Although it is still to be determined how much funding trickles down to Houston from the $1.2 trillion Infrastructure Investment and Jobs Act, signed into law by President Joe Biden Nov. 15, city officials are looking to be prepared for when new competitive grant programs open up and start taking applications. (Courtesy Fotolia)
Here is what the Infrastructure Investment and Jobs Act could mean for Houston

Although it is still to be determined how much funding trickles down to Houston from the $1.2 trillion Infrastructure Investment and Jobs Act, signed into law by President Joe Biden Nov. 15, city officials are looking to be prepared for when new competitive grant programs open up and start taking applications.

The school board will consider whether to call a special election to fill the vacancy or make an appointment. (Zara Flores/Community Impact Newspaper)
CI TEXAS ROUNDUP: Hays CISD to hold special meeting on resignation of board member; Montgomery approves plan for downtown and more top news

Take a look at the top five trending stories across Community Impact Newspaper’s coverage areas in Texas as of Dec. 2.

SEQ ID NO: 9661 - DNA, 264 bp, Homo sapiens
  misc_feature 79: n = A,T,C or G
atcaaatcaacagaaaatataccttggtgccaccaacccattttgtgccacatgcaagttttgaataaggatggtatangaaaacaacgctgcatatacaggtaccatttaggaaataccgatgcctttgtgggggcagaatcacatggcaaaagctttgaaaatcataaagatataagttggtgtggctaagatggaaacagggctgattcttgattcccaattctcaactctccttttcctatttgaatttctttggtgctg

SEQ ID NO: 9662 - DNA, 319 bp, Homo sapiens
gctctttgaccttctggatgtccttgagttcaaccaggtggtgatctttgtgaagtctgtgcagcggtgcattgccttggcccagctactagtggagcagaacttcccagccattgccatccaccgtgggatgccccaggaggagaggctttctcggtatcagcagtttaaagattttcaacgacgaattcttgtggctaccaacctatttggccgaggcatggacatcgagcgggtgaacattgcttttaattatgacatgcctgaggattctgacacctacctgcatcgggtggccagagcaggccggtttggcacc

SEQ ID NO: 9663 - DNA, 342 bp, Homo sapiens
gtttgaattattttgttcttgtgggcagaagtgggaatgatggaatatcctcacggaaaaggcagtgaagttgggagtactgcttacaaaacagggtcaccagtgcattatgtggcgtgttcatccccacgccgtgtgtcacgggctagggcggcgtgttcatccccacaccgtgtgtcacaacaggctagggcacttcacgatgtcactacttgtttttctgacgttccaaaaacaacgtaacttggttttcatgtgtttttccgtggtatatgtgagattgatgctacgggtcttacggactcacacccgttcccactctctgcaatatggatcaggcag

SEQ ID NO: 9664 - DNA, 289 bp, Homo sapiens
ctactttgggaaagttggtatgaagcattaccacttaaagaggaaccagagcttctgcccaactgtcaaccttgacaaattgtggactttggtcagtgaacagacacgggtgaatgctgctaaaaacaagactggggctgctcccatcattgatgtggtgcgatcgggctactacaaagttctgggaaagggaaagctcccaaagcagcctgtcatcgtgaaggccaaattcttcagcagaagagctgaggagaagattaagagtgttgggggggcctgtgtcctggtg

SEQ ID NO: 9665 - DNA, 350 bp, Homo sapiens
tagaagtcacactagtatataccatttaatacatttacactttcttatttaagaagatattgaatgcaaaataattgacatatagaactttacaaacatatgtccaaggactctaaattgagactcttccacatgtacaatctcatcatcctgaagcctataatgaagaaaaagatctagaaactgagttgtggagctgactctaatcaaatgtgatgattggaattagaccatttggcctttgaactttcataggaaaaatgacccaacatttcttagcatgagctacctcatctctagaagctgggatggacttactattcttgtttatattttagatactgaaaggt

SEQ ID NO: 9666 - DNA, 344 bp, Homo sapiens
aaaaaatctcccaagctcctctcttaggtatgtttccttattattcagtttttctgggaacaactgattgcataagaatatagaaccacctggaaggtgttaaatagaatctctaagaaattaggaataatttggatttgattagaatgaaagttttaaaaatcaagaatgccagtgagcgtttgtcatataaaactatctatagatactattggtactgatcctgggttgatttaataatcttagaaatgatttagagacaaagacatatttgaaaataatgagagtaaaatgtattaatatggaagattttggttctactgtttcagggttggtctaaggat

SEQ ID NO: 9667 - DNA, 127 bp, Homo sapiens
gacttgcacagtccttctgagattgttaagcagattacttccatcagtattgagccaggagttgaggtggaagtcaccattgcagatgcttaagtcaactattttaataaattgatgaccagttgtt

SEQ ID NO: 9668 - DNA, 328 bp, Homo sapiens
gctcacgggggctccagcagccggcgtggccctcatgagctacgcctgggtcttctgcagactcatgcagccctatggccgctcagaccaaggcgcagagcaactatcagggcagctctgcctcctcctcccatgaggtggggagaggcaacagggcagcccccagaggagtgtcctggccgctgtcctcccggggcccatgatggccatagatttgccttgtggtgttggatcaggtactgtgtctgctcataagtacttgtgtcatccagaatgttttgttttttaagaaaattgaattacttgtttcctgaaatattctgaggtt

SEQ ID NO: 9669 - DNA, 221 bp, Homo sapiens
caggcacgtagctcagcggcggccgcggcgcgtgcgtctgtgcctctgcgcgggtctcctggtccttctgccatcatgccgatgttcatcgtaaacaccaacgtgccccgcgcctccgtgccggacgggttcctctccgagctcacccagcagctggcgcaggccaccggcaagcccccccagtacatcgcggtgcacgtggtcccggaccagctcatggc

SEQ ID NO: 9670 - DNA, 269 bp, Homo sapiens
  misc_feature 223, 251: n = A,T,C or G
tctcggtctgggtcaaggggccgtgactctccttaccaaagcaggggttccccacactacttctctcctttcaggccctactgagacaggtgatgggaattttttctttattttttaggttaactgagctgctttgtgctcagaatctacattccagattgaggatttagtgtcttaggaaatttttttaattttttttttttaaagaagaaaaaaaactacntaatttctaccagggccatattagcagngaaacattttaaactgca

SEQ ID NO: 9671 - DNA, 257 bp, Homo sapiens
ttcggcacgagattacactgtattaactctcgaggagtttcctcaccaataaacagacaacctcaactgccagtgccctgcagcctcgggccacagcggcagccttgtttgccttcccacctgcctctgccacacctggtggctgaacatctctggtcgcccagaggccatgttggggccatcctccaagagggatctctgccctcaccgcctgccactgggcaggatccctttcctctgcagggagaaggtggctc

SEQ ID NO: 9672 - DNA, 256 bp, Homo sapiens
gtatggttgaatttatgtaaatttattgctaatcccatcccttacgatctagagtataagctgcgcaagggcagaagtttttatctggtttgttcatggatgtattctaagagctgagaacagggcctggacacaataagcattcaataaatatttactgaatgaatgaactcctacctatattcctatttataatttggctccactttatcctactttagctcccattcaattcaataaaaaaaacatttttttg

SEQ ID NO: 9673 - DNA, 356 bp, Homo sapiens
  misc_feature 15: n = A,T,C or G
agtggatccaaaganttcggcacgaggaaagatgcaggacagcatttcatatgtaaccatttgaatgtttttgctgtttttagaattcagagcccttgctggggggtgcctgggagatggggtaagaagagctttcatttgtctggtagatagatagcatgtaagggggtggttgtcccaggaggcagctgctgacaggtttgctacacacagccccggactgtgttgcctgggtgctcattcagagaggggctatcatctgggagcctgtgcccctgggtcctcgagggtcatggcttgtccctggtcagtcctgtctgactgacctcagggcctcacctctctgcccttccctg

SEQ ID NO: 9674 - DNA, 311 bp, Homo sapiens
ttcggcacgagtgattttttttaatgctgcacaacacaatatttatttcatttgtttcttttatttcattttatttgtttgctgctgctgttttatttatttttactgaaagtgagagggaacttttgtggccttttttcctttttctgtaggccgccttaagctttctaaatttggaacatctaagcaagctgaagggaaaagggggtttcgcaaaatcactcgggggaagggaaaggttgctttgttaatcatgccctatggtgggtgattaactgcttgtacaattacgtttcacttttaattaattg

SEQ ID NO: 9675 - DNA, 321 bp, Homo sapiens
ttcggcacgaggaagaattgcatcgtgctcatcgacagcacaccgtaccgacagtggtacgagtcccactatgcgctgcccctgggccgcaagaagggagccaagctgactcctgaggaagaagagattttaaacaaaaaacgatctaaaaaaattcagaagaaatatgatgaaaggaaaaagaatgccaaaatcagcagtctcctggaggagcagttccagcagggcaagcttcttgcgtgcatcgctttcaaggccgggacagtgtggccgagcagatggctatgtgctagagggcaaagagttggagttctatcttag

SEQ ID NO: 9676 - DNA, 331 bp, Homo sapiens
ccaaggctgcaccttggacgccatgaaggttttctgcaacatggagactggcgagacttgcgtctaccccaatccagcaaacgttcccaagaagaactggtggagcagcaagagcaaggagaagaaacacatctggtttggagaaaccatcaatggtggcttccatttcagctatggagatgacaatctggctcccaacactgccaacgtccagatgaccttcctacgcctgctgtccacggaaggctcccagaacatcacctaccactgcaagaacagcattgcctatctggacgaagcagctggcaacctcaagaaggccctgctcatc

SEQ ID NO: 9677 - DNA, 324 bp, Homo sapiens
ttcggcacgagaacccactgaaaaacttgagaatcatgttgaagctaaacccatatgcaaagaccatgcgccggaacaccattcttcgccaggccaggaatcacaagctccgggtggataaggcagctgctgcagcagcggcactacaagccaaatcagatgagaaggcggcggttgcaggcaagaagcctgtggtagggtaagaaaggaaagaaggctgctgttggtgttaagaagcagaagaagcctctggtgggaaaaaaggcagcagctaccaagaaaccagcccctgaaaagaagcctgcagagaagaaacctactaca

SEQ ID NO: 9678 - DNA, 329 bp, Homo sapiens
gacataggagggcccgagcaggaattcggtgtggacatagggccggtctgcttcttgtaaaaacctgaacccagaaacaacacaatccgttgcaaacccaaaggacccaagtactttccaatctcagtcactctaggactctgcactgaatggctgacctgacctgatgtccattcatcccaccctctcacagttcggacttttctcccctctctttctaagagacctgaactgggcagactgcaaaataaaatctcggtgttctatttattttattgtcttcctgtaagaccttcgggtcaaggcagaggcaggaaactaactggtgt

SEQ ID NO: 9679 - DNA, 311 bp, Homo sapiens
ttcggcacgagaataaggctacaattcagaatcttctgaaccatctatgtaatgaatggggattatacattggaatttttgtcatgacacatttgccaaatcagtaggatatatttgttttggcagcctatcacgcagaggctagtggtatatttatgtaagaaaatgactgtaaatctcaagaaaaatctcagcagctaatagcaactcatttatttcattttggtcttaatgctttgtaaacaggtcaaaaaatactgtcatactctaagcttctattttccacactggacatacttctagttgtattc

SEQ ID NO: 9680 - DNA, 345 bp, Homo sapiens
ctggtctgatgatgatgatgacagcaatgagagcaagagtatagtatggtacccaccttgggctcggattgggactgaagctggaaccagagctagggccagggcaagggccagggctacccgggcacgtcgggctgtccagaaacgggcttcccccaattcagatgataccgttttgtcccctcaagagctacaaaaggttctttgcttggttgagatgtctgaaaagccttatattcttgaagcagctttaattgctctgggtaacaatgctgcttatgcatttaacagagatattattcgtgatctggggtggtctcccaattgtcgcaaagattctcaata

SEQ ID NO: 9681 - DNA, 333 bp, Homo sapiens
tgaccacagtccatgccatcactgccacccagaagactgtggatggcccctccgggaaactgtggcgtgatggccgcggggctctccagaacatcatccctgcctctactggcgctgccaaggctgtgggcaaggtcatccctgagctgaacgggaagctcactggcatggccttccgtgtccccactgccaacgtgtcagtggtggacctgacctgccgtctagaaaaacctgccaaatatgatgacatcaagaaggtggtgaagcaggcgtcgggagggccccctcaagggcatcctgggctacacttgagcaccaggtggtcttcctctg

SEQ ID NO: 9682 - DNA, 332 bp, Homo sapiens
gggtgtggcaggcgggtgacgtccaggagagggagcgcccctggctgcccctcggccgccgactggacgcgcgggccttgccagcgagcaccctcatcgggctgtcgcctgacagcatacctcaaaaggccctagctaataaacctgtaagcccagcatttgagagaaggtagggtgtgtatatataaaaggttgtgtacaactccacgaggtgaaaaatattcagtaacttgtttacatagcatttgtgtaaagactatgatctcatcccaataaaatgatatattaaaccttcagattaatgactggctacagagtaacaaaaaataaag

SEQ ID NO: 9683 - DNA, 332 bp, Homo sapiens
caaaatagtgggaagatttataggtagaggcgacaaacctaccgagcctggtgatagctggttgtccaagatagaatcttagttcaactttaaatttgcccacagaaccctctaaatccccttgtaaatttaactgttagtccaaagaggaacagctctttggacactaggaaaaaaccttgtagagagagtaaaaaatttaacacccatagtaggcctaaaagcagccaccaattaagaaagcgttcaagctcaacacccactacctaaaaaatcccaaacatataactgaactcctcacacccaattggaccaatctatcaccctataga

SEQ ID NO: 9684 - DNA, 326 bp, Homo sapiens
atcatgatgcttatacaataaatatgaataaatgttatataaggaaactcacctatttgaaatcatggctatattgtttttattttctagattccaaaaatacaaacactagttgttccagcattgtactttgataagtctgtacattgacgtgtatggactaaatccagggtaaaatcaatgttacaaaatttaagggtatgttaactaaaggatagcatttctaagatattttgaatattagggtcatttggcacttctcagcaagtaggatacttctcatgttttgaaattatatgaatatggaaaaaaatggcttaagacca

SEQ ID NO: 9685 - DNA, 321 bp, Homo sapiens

The beauty company specializes in eyelash extensions and strives to provide a beauty experience that amplifies the clients' natural beauty in a friendly, luxurious environment. (Courtesy Deka Lash)
Deka Lash coming soon to Generation Park

Michael and Tegan Mead plan to open a new franchise location of Deka Lash in February at 12230 W. Lake Houston Parkway, Ste. 180, Houston.

Zoo Lights is a light show within the Houston Zoo that happens every year. (Courtesy Houston Zoo Lights)
10 holiday light displays to see in the Greater Houston area

Check out these nine free and ticketed displays to see through December and January in the Houston area.

HomeGoods will be opening a new location in Valley Ranch Town Center in New Caney. (Courtesy HomeGoods)
HomeGoods coming soon to Valley Ranch Town Center in New Caney

HomeGoods has been added to the growing list of stores coming soon to New Caney’s Valley Ranch Town Center, according to the East Montgomery County Improvement District.

Chipotle Mexican Grill will celebrate its one-year anniversary at Valley Ranch Town Center in New Caney on Dec. 9. (Courtesy Chipotle Mexican Grill)
Chipotle Mexican Grill set to celebrate 1-year anniversary in New Caney

Chipotle Mexican Grill will celebrate its one-year anniversary at Valley Ranch Town Center in New Caney on Dec. 9.

Tomball City Council approved a development agreement with Lovett Industrial for 240 acres at Hwy. 249, Rocky Road Nov. 29. (Anna Lotz/Community Impact Newspaper)
CI TEXAS ROUNDUP: Tomball City Council approves development of 240 acres at Hwy. 249, Rocky Road; JLB Eatery coming soon to Katy and more top news

Take a look at the top five trending stories across Community Impact Newspaper’s coverage areas in Texas as of Dec. 1.